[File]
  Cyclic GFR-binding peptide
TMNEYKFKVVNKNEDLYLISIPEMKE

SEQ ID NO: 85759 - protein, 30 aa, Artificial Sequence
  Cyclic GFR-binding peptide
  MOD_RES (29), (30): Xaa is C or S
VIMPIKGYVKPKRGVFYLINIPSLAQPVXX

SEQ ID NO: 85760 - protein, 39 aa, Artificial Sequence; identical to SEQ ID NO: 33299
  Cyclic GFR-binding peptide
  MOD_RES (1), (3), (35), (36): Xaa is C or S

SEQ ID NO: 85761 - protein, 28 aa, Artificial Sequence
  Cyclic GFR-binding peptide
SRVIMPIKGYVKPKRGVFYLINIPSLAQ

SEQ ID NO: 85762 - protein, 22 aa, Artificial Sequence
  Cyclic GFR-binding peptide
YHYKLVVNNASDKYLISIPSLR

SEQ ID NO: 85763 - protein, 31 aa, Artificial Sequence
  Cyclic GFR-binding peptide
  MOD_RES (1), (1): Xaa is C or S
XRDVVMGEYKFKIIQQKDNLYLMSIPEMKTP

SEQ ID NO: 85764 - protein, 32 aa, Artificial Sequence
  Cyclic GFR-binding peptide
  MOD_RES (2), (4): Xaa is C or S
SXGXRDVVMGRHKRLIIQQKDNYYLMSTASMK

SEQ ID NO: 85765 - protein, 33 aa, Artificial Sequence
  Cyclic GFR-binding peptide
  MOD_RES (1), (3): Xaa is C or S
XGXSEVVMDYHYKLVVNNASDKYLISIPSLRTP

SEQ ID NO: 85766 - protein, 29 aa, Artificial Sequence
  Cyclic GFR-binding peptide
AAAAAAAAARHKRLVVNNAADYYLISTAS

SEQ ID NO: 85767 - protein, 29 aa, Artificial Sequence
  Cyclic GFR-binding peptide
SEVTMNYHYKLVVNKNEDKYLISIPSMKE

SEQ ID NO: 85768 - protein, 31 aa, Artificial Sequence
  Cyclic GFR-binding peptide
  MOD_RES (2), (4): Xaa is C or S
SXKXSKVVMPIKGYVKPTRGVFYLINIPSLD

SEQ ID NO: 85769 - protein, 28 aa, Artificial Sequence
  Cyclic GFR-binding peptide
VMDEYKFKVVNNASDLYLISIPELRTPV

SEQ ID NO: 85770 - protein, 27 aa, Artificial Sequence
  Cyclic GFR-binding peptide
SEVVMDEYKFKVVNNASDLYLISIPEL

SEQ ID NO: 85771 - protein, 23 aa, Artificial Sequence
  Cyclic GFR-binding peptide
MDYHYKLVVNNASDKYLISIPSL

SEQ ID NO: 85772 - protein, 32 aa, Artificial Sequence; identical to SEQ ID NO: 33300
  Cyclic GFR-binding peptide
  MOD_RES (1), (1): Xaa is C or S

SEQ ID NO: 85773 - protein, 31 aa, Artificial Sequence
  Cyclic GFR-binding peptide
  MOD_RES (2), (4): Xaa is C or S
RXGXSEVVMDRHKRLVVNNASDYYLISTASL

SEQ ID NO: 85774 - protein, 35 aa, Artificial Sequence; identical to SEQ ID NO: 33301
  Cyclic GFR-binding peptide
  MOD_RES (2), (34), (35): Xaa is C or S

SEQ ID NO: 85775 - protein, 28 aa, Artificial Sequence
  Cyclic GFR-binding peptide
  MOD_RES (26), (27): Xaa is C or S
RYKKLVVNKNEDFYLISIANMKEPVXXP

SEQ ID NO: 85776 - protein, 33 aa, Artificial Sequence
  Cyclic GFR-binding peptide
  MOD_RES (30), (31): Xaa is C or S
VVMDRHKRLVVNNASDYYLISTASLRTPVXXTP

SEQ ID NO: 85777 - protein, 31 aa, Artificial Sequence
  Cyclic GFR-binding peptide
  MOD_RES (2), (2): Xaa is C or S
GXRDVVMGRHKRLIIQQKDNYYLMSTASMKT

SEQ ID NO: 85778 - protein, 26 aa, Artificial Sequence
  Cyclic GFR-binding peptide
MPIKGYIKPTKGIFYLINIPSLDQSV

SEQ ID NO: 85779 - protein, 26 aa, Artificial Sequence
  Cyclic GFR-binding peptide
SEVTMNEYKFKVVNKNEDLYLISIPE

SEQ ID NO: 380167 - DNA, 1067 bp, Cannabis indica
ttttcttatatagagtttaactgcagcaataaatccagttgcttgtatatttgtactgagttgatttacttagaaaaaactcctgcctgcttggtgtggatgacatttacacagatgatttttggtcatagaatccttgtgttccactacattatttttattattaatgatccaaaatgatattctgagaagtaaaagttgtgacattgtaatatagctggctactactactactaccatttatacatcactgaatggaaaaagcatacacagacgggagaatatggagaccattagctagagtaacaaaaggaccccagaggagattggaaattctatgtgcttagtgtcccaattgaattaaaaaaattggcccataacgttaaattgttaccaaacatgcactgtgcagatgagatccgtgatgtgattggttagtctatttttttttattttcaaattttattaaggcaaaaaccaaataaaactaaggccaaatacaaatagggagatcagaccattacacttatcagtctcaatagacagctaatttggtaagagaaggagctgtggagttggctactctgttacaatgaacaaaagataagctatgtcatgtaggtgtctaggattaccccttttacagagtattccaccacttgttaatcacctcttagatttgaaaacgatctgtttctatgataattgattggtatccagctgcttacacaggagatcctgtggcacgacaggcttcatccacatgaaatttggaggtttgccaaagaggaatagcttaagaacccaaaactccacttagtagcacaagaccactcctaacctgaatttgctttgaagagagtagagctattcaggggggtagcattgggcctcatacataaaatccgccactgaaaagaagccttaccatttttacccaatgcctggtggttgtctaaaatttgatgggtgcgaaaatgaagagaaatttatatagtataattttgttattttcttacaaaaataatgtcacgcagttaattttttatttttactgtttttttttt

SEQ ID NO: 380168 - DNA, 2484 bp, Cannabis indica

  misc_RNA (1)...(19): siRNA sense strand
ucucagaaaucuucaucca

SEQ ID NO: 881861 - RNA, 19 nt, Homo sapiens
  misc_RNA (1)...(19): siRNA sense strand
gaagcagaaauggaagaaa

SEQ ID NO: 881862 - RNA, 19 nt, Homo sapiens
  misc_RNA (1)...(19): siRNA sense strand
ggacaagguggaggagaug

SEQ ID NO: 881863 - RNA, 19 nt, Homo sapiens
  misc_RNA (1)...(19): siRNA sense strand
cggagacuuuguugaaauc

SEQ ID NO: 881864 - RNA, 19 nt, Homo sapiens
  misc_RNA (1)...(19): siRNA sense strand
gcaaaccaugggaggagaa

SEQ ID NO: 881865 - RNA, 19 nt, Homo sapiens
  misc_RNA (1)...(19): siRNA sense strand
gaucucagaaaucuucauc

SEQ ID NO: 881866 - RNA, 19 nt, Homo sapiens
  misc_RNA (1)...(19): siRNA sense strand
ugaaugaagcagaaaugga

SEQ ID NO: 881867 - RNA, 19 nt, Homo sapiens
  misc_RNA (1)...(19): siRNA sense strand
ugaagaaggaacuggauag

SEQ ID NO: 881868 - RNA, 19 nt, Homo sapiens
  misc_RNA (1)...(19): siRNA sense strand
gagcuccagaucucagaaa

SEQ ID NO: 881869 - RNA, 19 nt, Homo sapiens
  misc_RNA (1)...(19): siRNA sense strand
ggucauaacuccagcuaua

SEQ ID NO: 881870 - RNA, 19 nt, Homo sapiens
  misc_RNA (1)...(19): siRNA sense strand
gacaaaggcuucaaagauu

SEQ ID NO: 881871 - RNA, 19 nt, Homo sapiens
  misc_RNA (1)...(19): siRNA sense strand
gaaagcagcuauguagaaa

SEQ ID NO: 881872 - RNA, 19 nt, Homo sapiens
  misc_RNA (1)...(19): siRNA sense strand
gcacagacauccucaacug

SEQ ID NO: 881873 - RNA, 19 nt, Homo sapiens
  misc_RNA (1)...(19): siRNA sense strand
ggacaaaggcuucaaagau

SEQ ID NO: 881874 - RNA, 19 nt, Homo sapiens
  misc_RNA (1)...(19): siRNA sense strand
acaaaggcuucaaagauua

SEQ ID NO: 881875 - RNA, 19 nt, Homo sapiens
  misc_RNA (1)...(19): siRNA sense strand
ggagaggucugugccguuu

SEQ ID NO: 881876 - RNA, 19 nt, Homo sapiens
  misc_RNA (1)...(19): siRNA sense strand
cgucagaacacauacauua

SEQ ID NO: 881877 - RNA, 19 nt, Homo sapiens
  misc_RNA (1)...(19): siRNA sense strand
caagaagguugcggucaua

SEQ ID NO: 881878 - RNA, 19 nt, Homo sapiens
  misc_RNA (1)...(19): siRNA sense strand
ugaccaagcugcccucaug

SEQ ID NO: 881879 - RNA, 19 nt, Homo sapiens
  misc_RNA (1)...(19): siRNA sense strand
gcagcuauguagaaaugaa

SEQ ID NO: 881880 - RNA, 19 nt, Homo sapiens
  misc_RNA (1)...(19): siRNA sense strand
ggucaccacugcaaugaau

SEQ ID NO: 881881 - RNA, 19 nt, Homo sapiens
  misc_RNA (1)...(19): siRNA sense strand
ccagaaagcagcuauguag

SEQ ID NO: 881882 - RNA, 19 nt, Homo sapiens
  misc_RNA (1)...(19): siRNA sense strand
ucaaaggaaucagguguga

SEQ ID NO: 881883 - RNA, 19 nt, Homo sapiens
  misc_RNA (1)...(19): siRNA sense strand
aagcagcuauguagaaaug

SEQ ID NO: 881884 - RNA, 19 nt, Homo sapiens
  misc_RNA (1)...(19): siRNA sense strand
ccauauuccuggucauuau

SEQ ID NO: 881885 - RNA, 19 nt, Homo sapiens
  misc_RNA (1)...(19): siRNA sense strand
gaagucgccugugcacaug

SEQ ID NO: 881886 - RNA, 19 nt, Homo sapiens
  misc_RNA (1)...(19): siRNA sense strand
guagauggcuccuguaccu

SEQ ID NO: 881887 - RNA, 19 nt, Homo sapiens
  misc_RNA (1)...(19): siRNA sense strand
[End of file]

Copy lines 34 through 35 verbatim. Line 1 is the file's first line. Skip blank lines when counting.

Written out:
SEQ ID NO: 85768 - protein, 31 aa, Artificial Sequence
  Cyclic GFR-binding peptide